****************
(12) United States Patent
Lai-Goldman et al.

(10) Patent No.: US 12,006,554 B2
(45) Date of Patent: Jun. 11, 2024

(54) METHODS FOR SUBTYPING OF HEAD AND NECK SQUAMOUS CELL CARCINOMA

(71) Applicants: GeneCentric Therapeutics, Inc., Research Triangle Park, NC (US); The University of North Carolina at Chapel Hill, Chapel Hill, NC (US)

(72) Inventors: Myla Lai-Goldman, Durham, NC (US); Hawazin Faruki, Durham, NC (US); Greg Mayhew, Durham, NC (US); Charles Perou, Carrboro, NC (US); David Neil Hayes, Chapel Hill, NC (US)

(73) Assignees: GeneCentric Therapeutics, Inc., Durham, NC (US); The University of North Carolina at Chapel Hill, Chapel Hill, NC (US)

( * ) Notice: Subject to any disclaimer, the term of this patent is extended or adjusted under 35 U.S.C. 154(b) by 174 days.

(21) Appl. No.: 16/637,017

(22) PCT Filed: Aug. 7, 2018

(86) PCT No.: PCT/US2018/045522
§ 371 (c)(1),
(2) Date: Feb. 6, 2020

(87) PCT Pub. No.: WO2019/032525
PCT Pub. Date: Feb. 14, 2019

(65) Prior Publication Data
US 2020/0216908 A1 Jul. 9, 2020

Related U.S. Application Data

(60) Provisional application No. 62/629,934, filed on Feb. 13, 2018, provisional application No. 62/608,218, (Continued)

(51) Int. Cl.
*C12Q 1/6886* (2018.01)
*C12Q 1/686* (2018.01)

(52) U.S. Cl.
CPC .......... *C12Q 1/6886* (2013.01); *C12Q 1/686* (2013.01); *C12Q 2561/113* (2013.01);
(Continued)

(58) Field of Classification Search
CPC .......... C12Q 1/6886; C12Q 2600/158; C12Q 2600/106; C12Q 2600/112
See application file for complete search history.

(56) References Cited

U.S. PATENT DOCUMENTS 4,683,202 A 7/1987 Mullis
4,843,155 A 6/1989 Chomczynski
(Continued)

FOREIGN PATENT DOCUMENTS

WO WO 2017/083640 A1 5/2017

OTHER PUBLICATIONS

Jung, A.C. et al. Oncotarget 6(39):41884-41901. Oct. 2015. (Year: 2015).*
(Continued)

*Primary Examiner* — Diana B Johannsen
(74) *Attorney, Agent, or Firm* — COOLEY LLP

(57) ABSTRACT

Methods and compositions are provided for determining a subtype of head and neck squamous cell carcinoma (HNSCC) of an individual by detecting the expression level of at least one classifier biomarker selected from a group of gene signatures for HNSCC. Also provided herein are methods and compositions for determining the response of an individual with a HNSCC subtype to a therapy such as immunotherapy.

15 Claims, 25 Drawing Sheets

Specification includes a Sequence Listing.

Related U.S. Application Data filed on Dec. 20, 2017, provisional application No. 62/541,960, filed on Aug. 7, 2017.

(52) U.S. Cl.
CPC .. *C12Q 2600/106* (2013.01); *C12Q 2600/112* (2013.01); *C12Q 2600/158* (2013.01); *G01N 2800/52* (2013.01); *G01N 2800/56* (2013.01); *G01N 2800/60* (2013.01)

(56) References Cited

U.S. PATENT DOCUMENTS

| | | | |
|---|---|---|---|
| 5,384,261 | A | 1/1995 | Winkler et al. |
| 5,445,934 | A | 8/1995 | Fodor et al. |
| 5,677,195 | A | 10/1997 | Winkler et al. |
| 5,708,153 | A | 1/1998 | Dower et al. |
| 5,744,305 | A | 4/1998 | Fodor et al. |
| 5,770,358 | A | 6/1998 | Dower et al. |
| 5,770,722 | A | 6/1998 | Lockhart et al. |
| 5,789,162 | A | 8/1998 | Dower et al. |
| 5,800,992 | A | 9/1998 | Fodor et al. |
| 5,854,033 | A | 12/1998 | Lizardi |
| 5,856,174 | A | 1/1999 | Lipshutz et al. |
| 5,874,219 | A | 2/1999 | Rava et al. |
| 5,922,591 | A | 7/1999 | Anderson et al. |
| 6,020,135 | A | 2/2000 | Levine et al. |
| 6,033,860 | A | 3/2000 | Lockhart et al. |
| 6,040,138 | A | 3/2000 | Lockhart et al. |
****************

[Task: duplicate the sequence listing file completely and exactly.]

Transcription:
(12) United States Patent
Lai-Goldman et al.

(10) Patent No.: US 12,006,554 B2
(45) Date of Patent: Jun. 11, 2024

(54) METHODS FOR SUBTYPING OF HEAD AND NECK SQUAMOUS CELL CARCINOMA

(71) Applicants: GeneCentric Therapeutics, Inc., Research Triangle Park, NC (US); The University of North Carolina at Chapel Hill, Chapel Hill, NC (US)

(72) Inventors: Myla Lai-Goldman, Durham, NC (US); Hawazin Faruki, Durham, NC (US); Greg Mayhew, Durham, NC (US); Charles Perou, Carrboro, NC (US); David Neil Hayes, Chapel Hill, NC (US)

(73) Assignees: GeneCentric Therapeutics, Inc., Durham, NC (US); The University of North Carolina at Chapel Hill, Chapel Hill, NC (US)

( * ) Notice: Subject to any disclaimer, the term of this patent is extended or adjusted under 35 U.S.C. 154(b) by 174 days.

(21) Appl. No.: 16/637,017

(22) PCT Filed: Aug. 7, 2018

(86) PCT No.: PCT/US2018/045522
§ 371 (c)(1),
(2) Date: Feb. 6, 2020

(87) PCT Pub. No.: WO2019/032525
PCT Pub. Date: Feb. 14, 2019

(65) Prior Publication Data
US 2020/0216908 A1 Jul. 9, 2020

Related U.S. Application Data

(60) Provisional application No. 62/629,934, filed on Feb. 13, 2018, provisional application No. 62/608,218, (Continued)

(51) Int. Cl.
*C12Q 1/6886* (2018.01)
*C12Q 1/686* (2018.01)

(52) U.S. Cl.
CPC .......... *C12Q 1/6886* (2013.01); *C12Q 1/686* (2013.01); *C12Q 2561/113* (2013.01);
(Continued)

(58) Field of Classification Search
CPC .......... C12Q 1/6886; C12Q 2600/158; C12Q 2600/106; C12Q 2600/112
See application file for complete search history.

(56) References Cited

U.S. PATENT DOCUMENTS 4,683,202 A 7/1987 Mullis
4,843,155 A 6/1989 Chomczynski
(Continued)

FOREIGN PATENT DOCUMENTS

WO WO 2017/083640 A1 5/2017

OTHER PUBLICATIONS

Jung, A.C. et al. Oncotarget 6(39):41884-41901. Oct. 2015. (Year: 2015).*
(Continued)

*Primary Examiner* — Diana B Johannsen
(74) *Attorney, Agent, or Firm* — COOLEY LLP

(57) ABSTRACT

Methods and compositions are provided for determining a subtype of head and neck squamous cell carcinoma (HNSCC) of an individual by detecting the expression level of at least one classifier biomarker selected from a group of gene signatures for HNSCC. Also provided herein are methods and compositions for determining the response of an individual with a HNSCC subtype to a therapy such as immunotherapy.

15 Claims, 25 Drawing Sheets

Specification includes a Sequence Listing.

Related U.S. Application Data filed on Dec. 20, 2017, provisional application No. 62/541,960, filed on Aug. 7, 2017.

(52) U.S. Cl.
CPC .. *C12Q 2600/106* (2013.01); *C12Q 2600/112* (2013.01); *C12Q 2600/158* (2013.01); *G01N 2800/52* (2013.01); *G01N 2800/56* (2013.01); *G01N 2800/60* (2013.01)

(56) References Cited

U.S. PATENT DOCUMENTS

| | | | |
|---|---|---|---|
| 5,384,261 | A | 1/1995 | Winkler et al. |
| 5,445,934 | A | 8/1995 | Fodor et al. |
| 5,677,195 | A | 10/1997 | Winkler et al. |
| 5,708,153 | A | 1/1998 | Dower et al. |
| 5,744,305 | A | 4/1998 | Fodor et al. |
| 5,770,358 | A | 6/1998 | Dower et al. |
| 5,770,722 | A | 6/1998 | Lockhart et al. |
| 5,789,162 | A | 8/1998 | Dower et al. |
| 5,800,992 | A | 9/1998 | Fodor et al. |
| 5,854,033 | A | 12/1998 | Lizardi |
| 5,856,174 | A | 1/1999 | Lipshutz et al. |
| 5,874,219 | A | 2/1999 | Rava et al. |
| 5,922,591 | A | 7/1999 | Anderson et al. |
| 6,020,135 | A | 2/2000 | Levine et al. |
| 6,033,860 | A | 3/2000 | Lockhart et al. |
| 6,040,138 | A | 3/2000 | Lockhart et al. |